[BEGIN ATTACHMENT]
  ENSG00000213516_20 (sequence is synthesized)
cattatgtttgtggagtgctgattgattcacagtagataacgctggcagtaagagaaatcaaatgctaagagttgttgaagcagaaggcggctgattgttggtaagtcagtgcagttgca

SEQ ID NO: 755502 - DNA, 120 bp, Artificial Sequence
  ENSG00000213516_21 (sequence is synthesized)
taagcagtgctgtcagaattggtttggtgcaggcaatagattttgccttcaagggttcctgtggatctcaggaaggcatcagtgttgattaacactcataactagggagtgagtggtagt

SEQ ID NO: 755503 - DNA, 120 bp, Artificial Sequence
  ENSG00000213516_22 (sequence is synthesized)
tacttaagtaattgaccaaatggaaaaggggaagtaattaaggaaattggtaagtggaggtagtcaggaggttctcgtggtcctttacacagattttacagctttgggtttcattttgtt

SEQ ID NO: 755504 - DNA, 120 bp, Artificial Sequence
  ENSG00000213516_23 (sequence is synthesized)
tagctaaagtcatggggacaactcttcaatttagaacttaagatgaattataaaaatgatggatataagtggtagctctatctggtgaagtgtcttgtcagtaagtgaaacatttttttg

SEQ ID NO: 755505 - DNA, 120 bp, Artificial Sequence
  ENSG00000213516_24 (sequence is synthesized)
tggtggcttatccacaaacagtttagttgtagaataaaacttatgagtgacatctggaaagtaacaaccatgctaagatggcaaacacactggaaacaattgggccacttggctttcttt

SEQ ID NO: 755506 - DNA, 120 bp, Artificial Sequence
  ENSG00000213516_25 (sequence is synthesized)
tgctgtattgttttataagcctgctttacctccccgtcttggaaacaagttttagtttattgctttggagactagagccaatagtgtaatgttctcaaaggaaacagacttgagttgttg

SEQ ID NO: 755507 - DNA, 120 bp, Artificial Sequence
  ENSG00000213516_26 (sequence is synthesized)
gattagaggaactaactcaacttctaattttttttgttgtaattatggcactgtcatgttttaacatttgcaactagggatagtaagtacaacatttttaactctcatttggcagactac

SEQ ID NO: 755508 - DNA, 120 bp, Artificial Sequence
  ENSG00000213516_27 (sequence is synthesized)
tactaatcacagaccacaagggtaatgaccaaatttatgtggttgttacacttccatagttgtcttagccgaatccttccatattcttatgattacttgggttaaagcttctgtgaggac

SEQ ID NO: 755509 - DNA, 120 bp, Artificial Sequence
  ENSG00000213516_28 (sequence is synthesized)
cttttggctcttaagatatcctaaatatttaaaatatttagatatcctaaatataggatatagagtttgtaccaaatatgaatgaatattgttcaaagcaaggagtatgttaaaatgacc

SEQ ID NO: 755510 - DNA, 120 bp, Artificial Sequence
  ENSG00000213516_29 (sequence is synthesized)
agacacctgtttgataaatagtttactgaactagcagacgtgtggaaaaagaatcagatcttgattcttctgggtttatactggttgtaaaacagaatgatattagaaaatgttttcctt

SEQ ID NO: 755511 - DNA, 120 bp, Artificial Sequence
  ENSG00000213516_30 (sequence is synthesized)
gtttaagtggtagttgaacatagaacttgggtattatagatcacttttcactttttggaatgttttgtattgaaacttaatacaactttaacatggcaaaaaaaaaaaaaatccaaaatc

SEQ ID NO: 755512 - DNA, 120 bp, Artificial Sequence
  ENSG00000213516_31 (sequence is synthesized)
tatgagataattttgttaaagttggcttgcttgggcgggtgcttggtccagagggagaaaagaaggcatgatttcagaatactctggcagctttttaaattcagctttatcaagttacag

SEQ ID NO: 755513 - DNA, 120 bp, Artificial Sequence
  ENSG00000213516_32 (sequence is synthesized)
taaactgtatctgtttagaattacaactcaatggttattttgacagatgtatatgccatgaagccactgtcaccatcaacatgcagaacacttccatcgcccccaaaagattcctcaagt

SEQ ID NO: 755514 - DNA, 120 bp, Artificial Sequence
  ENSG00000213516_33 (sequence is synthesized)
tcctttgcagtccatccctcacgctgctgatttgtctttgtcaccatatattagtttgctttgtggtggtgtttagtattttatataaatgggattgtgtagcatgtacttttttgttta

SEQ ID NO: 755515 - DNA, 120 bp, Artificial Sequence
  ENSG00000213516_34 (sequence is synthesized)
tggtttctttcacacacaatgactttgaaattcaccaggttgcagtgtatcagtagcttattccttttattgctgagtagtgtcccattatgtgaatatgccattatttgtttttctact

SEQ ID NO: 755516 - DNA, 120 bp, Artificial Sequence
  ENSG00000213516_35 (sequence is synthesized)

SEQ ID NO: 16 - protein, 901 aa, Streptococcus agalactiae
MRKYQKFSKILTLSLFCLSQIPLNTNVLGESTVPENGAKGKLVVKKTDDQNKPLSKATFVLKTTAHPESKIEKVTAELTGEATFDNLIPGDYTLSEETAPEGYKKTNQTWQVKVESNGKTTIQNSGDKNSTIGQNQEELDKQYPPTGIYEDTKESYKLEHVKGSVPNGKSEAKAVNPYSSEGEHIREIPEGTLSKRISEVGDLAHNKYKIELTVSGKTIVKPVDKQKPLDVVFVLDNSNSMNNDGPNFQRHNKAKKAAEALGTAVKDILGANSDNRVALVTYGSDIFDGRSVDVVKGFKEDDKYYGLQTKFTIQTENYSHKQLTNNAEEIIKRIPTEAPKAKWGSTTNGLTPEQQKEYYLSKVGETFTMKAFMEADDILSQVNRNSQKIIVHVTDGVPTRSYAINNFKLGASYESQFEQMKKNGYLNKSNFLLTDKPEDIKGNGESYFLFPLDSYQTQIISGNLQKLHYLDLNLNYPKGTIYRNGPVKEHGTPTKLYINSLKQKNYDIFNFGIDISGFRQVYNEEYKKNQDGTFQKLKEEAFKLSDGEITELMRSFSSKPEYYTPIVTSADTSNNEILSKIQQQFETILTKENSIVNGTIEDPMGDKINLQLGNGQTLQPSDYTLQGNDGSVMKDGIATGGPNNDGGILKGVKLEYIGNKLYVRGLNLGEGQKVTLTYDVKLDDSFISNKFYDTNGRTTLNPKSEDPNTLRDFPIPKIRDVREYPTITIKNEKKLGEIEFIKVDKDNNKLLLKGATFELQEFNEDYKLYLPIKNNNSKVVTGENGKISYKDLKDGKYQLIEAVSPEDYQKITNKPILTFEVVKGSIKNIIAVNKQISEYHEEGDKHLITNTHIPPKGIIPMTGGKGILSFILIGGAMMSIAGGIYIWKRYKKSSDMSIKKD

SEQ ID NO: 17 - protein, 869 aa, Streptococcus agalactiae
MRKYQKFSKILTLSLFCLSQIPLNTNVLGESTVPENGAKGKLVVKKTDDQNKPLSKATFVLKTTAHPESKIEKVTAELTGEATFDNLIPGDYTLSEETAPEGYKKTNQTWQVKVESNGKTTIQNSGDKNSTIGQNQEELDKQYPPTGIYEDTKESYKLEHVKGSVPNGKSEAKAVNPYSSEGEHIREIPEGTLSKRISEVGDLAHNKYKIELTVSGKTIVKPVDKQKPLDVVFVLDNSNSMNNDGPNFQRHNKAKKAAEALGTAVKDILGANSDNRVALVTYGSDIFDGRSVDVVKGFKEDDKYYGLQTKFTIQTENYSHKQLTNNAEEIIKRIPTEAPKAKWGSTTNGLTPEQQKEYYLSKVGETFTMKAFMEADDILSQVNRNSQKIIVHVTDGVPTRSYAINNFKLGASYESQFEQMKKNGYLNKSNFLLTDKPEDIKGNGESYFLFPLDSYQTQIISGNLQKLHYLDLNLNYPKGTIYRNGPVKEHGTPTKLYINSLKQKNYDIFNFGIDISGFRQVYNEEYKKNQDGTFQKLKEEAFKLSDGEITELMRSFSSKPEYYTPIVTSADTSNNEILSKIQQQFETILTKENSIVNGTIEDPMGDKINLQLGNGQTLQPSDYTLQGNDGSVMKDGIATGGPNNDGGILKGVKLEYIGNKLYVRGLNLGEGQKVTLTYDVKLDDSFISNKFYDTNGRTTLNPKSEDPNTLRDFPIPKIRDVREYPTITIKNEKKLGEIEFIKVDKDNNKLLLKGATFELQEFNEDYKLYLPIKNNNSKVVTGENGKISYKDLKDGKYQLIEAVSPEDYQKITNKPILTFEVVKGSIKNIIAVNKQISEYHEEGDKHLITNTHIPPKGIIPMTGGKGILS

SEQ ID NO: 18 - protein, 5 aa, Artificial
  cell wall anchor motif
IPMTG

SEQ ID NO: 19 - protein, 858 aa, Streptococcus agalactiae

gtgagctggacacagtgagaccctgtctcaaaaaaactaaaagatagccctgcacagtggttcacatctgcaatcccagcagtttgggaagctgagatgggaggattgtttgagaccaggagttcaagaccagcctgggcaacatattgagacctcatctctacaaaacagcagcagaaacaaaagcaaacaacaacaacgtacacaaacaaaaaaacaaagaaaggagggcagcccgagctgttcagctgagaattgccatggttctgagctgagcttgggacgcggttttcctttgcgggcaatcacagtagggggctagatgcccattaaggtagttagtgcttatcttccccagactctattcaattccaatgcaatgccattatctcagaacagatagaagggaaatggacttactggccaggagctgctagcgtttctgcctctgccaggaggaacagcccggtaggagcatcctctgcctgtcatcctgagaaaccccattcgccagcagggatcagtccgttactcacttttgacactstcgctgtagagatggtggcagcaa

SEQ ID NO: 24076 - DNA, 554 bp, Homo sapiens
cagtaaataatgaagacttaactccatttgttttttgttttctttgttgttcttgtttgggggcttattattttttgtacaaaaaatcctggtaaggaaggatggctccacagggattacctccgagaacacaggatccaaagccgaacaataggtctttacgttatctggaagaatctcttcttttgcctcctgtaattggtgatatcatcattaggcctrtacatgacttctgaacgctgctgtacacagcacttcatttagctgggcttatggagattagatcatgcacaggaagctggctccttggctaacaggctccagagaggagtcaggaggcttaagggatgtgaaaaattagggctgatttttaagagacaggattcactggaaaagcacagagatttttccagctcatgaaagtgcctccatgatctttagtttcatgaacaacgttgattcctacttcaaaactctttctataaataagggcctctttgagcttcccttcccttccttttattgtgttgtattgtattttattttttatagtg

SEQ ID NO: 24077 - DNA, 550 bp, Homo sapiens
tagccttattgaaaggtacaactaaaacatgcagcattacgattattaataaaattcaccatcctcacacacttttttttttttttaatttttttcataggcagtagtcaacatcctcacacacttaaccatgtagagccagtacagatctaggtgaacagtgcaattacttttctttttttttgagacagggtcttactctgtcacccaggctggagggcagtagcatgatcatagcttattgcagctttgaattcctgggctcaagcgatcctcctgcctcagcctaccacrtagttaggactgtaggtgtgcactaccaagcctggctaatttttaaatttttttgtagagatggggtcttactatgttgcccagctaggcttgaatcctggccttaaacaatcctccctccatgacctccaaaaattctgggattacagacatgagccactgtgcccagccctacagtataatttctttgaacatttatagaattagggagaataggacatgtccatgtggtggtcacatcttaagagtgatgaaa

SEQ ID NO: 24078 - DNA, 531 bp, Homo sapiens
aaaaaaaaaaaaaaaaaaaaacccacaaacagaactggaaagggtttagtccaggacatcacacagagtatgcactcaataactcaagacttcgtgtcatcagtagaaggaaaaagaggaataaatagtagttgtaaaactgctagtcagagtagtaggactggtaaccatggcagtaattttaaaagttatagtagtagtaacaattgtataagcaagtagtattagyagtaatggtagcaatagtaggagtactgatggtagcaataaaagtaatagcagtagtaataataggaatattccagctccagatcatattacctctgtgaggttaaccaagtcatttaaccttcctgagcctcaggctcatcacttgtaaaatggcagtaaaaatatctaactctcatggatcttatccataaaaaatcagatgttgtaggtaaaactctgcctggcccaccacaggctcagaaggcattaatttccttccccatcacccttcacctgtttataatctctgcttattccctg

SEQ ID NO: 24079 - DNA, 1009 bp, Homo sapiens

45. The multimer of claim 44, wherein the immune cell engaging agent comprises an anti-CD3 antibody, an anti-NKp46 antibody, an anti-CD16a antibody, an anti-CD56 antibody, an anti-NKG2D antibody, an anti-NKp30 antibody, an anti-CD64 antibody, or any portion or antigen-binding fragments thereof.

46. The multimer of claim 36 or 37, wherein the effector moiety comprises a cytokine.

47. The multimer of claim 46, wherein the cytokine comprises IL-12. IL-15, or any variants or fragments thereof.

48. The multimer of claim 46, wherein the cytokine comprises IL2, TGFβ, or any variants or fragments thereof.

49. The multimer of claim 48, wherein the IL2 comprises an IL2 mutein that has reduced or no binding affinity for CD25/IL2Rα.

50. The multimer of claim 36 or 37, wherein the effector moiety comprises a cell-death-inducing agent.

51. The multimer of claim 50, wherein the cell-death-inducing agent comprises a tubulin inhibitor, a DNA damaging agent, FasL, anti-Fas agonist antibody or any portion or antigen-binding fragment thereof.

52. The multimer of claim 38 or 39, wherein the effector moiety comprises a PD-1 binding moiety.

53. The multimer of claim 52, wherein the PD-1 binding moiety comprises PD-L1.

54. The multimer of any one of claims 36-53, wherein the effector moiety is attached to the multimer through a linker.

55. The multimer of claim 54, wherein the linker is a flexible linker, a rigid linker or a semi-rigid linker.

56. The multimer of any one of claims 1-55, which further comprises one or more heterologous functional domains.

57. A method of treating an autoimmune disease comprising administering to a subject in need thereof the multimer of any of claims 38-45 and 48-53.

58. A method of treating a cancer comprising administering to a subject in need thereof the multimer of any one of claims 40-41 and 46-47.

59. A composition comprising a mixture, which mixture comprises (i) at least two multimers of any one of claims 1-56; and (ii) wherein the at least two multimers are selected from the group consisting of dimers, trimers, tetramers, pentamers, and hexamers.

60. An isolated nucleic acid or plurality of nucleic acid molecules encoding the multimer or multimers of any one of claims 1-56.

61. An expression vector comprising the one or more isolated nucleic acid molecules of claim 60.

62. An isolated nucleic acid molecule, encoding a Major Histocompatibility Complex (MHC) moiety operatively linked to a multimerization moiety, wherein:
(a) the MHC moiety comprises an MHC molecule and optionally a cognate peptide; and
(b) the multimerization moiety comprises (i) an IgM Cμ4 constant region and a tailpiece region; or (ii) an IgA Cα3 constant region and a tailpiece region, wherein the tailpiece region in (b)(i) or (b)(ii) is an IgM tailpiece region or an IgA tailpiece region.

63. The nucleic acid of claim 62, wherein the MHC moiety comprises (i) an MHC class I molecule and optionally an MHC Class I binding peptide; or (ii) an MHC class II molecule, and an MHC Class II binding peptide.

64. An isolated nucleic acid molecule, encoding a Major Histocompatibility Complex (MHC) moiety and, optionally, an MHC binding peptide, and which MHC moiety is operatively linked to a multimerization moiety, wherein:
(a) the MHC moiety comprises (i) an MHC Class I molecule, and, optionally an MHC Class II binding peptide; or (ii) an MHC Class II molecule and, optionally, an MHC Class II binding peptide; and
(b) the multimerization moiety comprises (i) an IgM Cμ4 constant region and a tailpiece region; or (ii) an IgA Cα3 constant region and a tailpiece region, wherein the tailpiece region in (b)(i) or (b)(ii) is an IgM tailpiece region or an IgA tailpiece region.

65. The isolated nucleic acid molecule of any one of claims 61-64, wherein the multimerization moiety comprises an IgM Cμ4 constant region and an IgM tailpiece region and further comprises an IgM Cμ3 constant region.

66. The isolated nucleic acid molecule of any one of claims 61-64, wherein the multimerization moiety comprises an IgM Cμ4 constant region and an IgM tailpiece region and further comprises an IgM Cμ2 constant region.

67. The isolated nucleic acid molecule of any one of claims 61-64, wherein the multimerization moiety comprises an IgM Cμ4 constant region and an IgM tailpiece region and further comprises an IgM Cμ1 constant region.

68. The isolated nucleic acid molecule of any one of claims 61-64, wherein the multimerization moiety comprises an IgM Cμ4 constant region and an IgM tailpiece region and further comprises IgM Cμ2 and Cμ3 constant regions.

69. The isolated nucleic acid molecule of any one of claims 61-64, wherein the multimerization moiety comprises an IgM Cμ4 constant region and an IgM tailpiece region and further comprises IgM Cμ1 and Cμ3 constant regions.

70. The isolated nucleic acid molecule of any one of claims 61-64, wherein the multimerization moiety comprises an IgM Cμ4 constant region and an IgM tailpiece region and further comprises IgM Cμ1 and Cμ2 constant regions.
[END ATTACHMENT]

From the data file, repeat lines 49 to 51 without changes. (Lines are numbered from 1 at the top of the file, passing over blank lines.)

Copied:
SEQ ID NO: 17 - protein, 869 aa, Streptococcus agalactiae
MRKYQKFSKILTLSLFCLSQIPLNTNVLGESTVPENGAKGKLVVKKTDDQNKPLSKATFVLKTTAHPESKIEKVTAELTGEATFDNLIPGDYTLSEETAPEGYKKTNQTWQVKVESNGKTTIQNSGDKNSTIGQNQEELDKQYPPTGIYEDTKESYKLEHVKGSVPNGKSEAKAVNPYSSEGEHIREIPEGTLSKRISEVGDLAHNKYKIELTVSGKTIVKPVDKQKPLDVVFVLDNSNSMNNDGPNFQRHNKAKKAAEALGTAVKDILGANSDNRVALVTYGSDIFDGRSVDVVKGFKEDDKYYGLQTKFTIQTENYSHKQLTNNAEEIIKRIPTEAPKAKWGSTTNGLTPEQQKEYYLSKVGETFTMKAFMEADDILSQVNRNSQKIIVHVTDGVPTRSYAINNFKLGASYESQFEQMKKNGYLNKSNFLLTDKPEDIKGNGESYFLFPLDSYQTQIISGNLQKLHYLDLNLNYPKGTIYRNGPVKEHGTPTKLYINSLKQKNYDIFNFGIDISGFRQVYNEEYKKNQDGTFQKLKEEAFKLSDGEITELMRSFSSKPEYYTPIVTSADTSNNEILSKIQQQFETILTKENSIVNGTIEDPMGDKINLQLGNGQTLQPSDYTLQGNDGSVMKDGIATGGPNNDGGILKGVKLEYIGNKLYVRGLNLGEGQKVTLTYDVKLDDSFISNKFYDTNGRTTLNPKSEDPNTLRDFPIPKIRDVREYPTITIKNEKKLGEIEFIKVDKDNNKLLLKGATFELQEFNEDYKLYLPIKNNNSKVVTGENGKISYKDLKDGKYQLIEAVSPEDYQKITNKPILTFEVVKGSIKNIIAVNKQISEYHEEGDKHLITNTHIPPKGIIPMTGGKGILS

SEQ ID NO: 18 - protein, 5 aa, Artificial